The other day I had lunch with a colleague. Sally is a mentor to me and it’s always a treat when we get together to talk shop. At one point in the conversation Sally said, “Do you ever look at someone else and wonder, “They’re so successful [running their business]. How do they do it? They must know something I don’t.” Now, this question coming from Sally was a real shocker to me. Sally is an extremely confident and successful business owner; her company has earned a string of awards, including Chamber Small Business of the Year. The fact that she occasionally doubts herself after nearly 20 years of running a profitable business was eye-opening. I’d just assumed that by this stage in her career, Sally has it all figured out and that she rarely questions her business decisions.
How naive of me! Sally is human. So of course from time to time, she wonders if she’s on the right track. A certain amount of self-checking is healthy. It helps us determine if we’re on target for what’s important in our lives.When we wonder if we’re on course, from what source do we seek guidance– internal or external? I recently blogged about the effects that different kinds of praise have on people’s performance. Turns out that when we receive praise that compares us to someone else’s accomplishments, it’s not as effective as hearing something specific about our mastery of a skill. No surprise there, but then why do we still compare ourselves to others?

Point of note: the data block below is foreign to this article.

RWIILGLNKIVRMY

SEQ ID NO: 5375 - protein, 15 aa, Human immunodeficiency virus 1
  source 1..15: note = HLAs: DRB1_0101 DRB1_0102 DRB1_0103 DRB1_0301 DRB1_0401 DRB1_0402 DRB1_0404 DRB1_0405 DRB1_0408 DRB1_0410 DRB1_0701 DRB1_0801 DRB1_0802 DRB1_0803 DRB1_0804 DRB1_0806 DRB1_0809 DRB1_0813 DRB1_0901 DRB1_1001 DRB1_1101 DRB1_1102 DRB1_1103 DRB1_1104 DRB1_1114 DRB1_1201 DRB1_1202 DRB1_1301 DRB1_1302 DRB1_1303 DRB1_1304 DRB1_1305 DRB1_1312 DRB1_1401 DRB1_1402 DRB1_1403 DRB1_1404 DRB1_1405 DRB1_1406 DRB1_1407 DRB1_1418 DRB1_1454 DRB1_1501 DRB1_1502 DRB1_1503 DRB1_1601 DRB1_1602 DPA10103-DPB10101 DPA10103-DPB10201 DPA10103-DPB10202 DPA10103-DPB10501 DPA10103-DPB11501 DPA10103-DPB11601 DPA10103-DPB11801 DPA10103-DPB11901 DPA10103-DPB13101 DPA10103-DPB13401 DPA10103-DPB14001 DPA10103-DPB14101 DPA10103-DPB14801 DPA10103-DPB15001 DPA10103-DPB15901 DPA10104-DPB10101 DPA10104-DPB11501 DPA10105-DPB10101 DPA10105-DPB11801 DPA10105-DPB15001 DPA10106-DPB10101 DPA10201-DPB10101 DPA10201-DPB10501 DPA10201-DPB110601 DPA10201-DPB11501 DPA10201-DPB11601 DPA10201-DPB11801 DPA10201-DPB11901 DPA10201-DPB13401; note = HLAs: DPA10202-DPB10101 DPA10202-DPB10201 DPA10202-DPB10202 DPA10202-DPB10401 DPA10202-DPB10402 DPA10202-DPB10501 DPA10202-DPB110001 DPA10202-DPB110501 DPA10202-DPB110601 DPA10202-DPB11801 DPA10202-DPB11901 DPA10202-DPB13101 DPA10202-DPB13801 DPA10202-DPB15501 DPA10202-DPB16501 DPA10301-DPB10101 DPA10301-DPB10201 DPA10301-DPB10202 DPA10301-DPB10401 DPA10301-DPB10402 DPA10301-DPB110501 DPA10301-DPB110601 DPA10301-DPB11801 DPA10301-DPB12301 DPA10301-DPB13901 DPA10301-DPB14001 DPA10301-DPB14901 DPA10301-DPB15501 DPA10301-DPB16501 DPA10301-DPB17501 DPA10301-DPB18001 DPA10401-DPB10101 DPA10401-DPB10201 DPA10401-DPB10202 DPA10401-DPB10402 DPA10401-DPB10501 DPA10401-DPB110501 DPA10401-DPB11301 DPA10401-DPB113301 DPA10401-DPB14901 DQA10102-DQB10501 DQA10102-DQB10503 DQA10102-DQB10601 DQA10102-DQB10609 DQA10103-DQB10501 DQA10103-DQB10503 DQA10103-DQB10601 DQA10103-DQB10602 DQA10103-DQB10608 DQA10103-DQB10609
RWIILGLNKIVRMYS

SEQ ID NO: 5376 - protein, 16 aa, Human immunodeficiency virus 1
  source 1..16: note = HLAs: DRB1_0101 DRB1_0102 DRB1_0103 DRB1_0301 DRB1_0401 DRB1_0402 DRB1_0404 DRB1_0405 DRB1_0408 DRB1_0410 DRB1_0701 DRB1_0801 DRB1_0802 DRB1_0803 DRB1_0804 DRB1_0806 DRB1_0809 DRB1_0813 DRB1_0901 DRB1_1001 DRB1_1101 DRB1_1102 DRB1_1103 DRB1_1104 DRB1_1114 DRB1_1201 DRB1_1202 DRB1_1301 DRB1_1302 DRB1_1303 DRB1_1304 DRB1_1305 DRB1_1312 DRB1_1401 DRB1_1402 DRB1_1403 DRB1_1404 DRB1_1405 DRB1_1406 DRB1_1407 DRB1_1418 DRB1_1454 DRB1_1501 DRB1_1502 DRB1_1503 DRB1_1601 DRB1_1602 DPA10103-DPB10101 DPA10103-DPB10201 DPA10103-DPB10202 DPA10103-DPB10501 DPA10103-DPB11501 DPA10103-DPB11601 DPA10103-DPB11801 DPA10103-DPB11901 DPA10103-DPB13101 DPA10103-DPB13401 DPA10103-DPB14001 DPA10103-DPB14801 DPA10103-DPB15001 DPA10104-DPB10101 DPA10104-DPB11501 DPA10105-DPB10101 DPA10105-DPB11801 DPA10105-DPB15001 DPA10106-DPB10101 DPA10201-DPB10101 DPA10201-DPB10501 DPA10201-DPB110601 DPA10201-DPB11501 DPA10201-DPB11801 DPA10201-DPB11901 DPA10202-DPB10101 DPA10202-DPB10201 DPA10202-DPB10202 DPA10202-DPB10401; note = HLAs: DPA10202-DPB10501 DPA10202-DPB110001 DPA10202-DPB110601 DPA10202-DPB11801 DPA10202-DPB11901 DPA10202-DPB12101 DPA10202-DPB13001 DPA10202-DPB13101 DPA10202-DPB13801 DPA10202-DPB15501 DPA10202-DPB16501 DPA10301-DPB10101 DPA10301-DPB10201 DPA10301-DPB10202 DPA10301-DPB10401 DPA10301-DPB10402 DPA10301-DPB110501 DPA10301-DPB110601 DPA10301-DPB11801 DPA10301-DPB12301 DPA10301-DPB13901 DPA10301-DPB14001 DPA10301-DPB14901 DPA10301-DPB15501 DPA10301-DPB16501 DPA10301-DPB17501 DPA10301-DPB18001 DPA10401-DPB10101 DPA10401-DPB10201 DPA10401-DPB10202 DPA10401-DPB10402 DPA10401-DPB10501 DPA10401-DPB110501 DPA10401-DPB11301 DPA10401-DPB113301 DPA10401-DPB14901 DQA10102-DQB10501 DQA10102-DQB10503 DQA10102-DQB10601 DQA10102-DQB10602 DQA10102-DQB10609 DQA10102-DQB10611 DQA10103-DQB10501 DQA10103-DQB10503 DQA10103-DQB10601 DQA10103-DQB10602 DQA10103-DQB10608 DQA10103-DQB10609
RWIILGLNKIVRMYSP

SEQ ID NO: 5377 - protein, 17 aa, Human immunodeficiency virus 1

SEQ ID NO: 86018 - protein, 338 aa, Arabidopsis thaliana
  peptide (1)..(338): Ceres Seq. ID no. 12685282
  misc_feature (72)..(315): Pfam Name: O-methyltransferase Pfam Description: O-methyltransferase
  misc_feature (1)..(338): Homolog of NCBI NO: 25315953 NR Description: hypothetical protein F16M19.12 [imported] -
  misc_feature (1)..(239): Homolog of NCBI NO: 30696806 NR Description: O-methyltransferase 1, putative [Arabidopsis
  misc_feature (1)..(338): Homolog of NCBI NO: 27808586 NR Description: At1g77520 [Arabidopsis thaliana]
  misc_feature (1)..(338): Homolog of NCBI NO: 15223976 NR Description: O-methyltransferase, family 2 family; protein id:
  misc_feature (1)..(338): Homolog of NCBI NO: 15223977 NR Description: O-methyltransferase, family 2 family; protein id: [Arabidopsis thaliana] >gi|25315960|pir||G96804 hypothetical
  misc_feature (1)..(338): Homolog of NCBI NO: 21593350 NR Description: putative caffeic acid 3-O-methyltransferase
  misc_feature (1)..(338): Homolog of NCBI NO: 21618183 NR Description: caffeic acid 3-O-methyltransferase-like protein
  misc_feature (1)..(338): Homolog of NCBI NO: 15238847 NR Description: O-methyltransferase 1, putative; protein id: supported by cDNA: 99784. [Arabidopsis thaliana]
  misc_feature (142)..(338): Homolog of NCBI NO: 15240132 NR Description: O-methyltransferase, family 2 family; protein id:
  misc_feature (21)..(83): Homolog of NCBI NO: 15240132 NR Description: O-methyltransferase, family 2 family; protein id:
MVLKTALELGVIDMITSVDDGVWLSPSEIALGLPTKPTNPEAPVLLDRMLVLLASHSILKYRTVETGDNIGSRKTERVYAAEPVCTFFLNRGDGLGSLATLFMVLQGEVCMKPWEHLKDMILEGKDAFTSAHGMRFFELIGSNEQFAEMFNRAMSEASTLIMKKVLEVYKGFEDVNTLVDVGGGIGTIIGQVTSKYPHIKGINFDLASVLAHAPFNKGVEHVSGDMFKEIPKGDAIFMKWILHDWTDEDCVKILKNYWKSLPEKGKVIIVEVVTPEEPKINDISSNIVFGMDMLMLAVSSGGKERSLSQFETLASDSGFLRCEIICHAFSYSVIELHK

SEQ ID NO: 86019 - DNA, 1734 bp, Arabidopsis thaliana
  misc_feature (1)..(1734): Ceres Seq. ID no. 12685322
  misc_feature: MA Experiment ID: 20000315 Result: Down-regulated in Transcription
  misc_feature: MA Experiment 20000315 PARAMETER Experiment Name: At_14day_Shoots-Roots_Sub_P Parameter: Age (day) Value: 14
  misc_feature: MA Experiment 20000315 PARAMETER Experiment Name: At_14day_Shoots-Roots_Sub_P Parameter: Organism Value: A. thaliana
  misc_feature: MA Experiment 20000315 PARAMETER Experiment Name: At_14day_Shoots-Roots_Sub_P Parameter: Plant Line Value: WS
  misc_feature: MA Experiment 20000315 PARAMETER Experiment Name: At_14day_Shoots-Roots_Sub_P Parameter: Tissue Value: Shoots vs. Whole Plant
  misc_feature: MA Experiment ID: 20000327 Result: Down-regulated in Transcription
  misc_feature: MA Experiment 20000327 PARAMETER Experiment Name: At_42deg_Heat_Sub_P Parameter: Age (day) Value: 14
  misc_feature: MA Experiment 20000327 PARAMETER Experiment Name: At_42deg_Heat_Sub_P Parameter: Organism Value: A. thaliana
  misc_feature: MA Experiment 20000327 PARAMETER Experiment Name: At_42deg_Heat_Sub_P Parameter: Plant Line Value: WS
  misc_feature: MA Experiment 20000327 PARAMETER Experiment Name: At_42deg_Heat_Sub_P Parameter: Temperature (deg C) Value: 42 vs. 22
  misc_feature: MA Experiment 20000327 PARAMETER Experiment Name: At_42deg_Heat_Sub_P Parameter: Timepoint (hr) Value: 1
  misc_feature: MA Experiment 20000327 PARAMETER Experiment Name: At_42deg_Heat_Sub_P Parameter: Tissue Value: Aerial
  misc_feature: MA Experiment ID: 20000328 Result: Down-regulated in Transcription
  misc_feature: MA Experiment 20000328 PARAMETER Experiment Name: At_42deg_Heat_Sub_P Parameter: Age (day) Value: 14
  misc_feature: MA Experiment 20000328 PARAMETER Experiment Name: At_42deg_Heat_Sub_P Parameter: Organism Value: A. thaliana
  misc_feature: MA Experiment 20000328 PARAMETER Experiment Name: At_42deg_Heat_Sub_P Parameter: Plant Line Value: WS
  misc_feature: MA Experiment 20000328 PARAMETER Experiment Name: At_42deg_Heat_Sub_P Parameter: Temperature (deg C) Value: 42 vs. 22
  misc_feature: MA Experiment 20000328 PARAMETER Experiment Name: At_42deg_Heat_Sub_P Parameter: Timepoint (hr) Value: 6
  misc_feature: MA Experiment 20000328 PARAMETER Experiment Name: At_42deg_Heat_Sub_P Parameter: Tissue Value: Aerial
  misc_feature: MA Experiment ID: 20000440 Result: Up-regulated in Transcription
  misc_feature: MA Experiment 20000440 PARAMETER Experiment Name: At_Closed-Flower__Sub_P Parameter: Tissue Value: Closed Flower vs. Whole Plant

Some people say Jealousy is a “green eyed monster”. If so, its evil twin is Self-Doubt and its cousin is Comparison. If someone as accomplished and self-confident as Sally still gets wrangled by these internal gremlins, then imagine what happens to those who truly struggle with a sense of self-worth. Whenever I’m tempted to succumb to comparing myself to someone else, I recall a book review from many years ago. It was 2002 and I was flipping through a magazine at the hair salon. Marlo Thomas’ book The Right Words at the Right Time was being reviewed. In the foreword of her book, Ms. Thomas describes a time in her life when she was beset with self-doubt. She was about to embark on the same career path as her father, the well-known and respected actor Danny Thomas. Many were comparing Ms. Thomas to her famous father and she was afraid she wouldn’t measure up. Her father told her, “Run your own race, baby.” (See the entire foreword here.)
These words— so concise, so profound, cut right to the core. No matter the external circumstances, it’s our individual race to run. The race results that matter most are those we judge by our internal compass, not those of our competitors.